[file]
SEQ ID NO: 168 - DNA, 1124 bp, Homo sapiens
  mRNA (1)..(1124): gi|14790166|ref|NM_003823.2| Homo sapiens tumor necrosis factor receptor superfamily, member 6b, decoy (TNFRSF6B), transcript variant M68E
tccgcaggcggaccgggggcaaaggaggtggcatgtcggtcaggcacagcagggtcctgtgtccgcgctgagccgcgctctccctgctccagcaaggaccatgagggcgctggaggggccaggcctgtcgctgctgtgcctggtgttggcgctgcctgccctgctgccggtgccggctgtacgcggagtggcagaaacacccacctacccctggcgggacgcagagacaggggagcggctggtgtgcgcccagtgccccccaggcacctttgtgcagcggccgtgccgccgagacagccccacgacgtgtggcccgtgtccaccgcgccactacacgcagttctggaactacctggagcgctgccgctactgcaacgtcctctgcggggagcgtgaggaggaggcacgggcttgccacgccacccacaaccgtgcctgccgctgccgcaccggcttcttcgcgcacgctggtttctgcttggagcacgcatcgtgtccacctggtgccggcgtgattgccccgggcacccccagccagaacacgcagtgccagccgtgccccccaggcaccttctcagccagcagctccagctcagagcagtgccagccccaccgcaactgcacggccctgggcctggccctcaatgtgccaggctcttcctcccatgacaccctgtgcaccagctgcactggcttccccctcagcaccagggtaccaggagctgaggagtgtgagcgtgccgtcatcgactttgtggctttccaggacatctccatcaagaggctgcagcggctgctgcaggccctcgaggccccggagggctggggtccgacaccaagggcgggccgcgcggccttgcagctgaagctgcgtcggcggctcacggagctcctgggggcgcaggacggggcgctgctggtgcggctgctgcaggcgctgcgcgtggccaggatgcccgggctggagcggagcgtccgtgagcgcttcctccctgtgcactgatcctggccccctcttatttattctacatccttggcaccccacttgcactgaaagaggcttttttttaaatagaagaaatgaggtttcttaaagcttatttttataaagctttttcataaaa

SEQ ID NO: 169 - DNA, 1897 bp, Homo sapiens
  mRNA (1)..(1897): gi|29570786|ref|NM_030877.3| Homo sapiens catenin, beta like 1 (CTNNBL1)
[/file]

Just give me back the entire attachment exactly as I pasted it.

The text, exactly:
SEQ ID NO: 168 - DNA, 1124 bp, Homo sapiens
  mRNA (1)..(1124): gi|14790166|ref|NM_003823.2| Homo sapiens tumor necrosis factor receptor superfamily, member 6b, decoy (TNFRSF6B), transcript variant M68E
tccgcaggcggaccgggggcaaaggaggtggcatgtcggtcaggcacagcagggtcctgtgtccgcgctgagccgcgctctccctgctccagcaaggaccatgagggcgctggaggggccaggcctgtcgctgctgtgcctggtgttggcgctgcctgccctgctgccggtgccggctgtacgcggagtggcagaaacacccacctacccctggcgggacgcagagacaggggagcggctggtgtgcgcccagtgccccccaggcacctttgtgcagcggccgtgccgccgagacagccccacgacgtgtggcccgtgtccaccgcgccactacacgcagttctggaactacctggagcgctgccgctactgcaacgtcctctgcggggagcgtgaggaggaggcacgggcttgccacgccacccacaaccgtgcctgccgctgccgcaccggcttcttcgcgcacgctggtttctgcttggagcacgcatcgtgtccacctggtgccggcgtgattgccccgggcacccccagccagaacacgcagtgccagccgtgccccccaggcaccttctcagccagcagctccagctcagagcagtgccagccccaccgcaactgcacggccctgggcctggccctcaatgtgccaggctcttcctcccatgacaccctgtgcaccagctgcactggcttccccctcagcaccagggtaccaggagctgaggagtgtgagcgtgccgtcatcgactttgtggctttccaggacatctccatcaagaggctgcagcggctgctgcaggccctcgaggccccggagggctggggtccgacaccaagggcgggccgcgcggccttgcagctgaagctgcgtcggcggctcacggagctcctgggggcgcaggacggggcgctgctggtgcggctgctgcaggcgctgcgcgtggccaggatgcccgggctggagcggagcgtccgtgagcgcttcctccctgtgcactgatcctggccccctcttatttattctacatccttggcaccccacttgcactgaaagaggcttttttttaaatagaagaaatgaggtttcttaaagcttatttttataaagctttttcataaaa

SEQ ID NO: 169 - DNA, 1897 bp, Homo sapiens
  mRNA (1)..(1897): gi|29570786|ref|NM_030877.3| Homo sapiens catenin, beta like 1 (CTNNBL1)